Dual-drive Electrom pedal-electric streamliner enters production
It was four years ago that we first heard about the Electrom, a one-of-a-kind two-wheeled pedal-electric vehicle with a unique dual drivetrain. Well, you will soon have the chance to buy one of the things for yourself … although some assembly will be required.
Created by Canadian cyclist/entrepreneur Fabrizio Cross, the original Electrom LEV (light electric vehicle) was certainly more substantial than an ebike, but narrower and more agile than a three-wheeled, fully-enclosed velomobile. Among other things, it featured a swing-away front fairing, a full LED lighting system with turn indicators and brake lights, plus a rear cargo space that doubled as a sort of "rumble seat" for a passenger.
One feature that really distinguished it, however, was its Generator & Chain Drive system – that system, along with the other features, has been carried over into the production model. Here's how it now works…
At low speeds, two separate drive chains relay the rider's pedalling power to both an onboard generator and the motorized rear wheel. In this way, the rider can push hard to engage the high-geared direct-drive rear hub motor as the Electrom gets up to speed or climbs hills. The rider and the rear motor are assisted in their efforts by a much lower-geared front hub motor – so yes, the vehicle is in two-wheel-drive at this point.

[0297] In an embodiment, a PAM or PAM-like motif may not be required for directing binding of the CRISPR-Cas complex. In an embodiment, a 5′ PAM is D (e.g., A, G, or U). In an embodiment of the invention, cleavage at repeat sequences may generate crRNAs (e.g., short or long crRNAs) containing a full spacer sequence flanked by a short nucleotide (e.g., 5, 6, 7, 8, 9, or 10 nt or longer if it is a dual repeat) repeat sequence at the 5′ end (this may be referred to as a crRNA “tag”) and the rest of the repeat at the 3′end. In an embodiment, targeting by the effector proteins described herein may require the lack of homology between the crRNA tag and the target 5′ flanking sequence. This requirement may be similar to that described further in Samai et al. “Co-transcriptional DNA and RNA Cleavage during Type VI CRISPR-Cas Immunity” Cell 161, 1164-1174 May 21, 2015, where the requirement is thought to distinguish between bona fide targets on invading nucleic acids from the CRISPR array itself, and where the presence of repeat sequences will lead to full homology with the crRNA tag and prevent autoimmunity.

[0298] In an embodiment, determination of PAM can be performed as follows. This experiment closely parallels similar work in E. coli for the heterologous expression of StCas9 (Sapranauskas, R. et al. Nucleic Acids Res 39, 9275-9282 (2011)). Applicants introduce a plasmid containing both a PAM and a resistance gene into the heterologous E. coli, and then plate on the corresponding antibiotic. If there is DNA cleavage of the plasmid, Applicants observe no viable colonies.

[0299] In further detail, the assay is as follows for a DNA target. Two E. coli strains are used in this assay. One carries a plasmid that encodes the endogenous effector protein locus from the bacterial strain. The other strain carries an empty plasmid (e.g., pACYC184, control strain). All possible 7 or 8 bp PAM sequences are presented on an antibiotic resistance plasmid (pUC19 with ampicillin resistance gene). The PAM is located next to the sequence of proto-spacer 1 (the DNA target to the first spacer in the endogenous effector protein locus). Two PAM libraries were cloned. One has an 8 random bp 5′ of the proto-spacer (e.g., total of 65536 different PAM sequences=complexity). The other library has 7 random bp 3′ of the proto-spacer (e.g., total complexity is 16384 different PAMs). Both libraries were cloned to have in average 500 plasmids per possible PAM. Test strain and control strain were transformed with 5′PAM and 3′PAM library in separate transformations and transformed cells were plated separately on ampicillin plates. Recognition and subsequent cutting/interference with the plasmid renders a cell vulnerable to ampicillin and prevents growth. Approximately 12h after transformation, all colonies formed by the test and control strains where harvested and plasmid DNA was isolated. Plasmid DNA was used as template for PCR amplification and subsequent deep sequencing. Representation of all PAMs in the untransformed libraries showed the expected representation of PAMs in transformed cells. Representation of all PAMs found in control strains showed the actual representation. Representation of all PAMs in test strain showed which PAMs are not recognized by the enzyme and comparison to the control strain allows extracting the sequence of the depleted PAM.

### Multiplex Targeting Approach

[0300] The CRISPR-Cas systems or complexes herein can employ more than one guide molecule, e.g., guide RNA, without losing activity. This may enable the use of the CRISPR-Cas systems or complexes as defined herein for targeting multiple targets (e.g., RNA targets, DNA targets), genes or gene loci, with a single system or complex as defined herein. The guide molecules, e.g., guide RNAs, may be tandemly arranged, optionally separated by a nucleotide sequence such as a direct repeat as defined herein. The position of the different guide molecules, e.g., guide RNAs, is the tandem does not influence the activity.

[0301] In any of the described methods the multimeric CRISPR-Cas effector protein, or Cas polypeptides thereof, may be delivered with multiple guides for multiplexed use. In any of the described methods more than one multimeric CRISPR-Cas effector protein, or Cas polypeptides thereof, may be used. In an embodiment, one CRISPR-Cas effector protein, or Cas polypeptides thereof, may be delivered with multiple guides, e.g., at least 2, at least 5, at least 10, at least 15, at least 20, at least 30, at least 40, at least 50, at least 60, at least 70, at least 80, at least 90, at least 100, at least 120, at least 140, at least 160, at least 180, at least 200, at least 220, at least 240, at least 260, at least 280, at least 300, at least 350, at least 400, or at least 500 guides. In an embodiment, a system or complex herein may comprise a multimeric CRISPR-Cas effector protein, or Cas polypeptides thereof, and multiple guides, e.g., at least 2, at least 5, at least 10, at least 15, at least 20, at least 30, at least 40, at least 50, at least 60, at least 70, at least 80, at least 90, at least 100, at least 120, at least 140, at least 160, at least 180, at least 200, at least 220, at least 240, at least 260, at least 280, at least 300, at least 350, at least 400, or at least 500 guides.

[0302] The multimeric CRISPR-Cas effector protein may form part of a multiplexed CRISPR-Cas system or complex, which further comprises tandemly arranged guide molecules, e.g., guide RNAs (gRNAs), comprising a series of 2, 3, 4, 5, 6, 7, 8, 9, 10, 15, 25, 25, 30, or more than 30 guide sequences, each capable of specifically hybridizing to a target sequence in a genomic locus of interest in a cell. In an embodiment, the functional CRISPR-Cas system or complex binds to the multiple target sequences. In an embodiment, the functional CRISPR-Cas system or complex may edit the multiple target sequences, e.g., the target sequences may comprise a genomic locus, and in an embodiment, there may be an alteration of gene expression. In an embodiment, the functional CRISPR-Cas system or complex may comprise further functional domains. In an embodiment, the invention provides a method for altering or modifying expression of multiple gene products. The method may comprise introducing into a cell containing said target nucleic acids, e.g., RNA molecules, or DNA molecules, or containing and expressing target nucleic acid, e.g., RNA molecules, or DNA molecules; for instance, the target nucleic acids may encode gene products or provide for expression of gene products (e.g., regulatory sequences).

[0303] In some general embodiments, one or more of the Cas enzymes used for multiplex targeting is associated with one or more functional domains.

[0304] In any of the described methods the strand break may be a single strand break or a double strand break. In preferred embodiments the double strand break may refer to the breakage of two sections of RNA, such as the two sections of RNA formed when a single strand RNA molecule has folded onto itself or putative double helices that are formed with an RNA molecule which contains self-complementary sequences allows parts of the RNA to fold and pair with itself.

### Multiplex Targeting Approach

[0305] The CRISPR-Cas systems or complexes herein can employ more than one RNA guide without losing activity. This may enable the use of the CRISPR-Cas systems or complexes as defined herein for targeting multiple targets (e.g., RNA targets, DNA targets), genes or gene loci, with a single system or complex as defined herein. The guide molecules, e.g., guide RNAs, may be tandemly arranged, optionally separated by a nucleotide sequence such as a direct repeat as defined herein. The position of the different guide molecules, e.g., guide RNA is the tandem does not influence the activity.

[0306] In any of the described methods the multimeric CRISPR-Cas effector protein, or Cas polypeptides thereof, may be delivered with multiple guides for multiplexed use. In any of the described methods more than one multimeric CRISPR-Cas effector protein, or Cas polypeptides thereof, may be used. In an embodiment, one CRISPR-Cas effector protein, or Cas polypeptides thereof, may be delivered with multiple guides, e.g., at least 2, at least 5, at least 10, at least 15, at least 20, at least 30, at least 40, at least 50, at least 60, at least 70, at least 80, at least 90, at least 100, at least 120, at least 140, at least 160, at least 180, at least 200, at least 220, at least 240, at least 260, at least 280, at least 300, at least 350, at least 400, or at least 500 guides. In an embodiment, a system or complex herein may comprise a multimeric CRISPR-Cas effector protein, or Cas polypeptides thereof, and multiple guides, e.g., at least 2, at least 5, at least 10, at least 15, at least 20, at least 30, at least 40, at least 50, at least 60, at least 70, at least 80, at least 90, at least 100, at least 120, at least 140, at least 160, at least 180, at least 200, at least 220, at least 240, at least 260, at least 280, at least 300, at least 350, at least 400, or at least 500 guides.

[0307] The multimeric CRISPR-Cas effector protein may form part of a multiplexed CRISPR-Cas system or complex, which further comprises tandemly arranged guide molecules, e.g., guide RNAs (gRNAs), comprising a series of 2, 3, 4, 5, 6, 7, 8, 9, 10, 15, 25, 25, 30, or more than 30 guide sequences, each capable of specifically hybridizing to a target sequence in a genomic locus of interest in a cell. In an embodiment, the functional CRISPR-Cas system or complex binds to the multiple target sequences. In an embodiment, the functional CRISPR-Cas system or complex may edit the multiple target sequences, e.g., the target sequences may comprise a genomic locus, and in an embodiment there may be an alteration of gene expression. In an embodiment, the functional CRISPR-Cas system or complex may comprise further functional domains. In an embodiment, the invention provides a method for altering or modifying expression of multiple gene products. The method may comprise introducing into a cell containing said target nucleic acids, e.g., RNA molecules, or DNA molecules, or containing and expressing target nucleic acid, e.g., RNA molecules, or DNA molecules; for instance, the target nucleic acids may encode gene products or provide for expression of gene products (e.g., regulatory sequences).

Once the Electrom reaches a speed of 15 km/h (9 mph), however, the rear-wheel drive chain starts freewheeling, so all of the rider's pedalling power goes into the generator. Because the rear hub motor is now being driven only by that generator and the battery – not directly by the pedals – the speed at which the rider is pedalling doesn't determine the speed at which the vehicle is travelling.
This means that the rider can continuously pedal at a comfortable rate (around 80 rpm) while using a throttle to control the speed. And as an added bonus, no shifting of gears in necessary. Additionally, the front hub motor automatically shuts off at speeds over 28 km/h (17 mph), putting the Electrom into power-saving rear-wheel-drive while cruising.
According to Cross, one charge of the 2,800-Wh lithium battery pack should be good for a range of up to 200 km (124 miles), with some help from a regenerative braking system. An optional second battery doubles that range. The vehicle has a top speed of 65 km/h (40 mph), although that can be set lower depending on local ebike regulations.
Some of the production-model Electrom's other features include an aluminum monocoque frame with carbon fiber body panels, front and rear suspension, an enclosed (but still accessible) drivetrain, a unique cable steering system, sealant-filled 20 x 2.75-inch Heidenau moped tires, and a 150-liter cargo capacity. The whole thing is claimed to tip the scales at 155 lb (70 kg), with two batteries installed.
Cross is currently open to inquiries from prospective buyers of a full Electrom kit. It will be priced at CAD$12,500 (about US$10,050), and should should ship next spring. Depending on market interest, a fully assembled vehicle may subsequently be available sometime down the road.
"Ebikes are great, and for many people they are all that is needed, however, for those who want to take their zero-emissions lifestyle to the next level, there is the Electrom," he tells us. "It will fill the gap between bicycle and car, while still offering the exercise, environmental, and traffic-busting benefits of a bicycle."
You can see the vehicle in action, in the video below.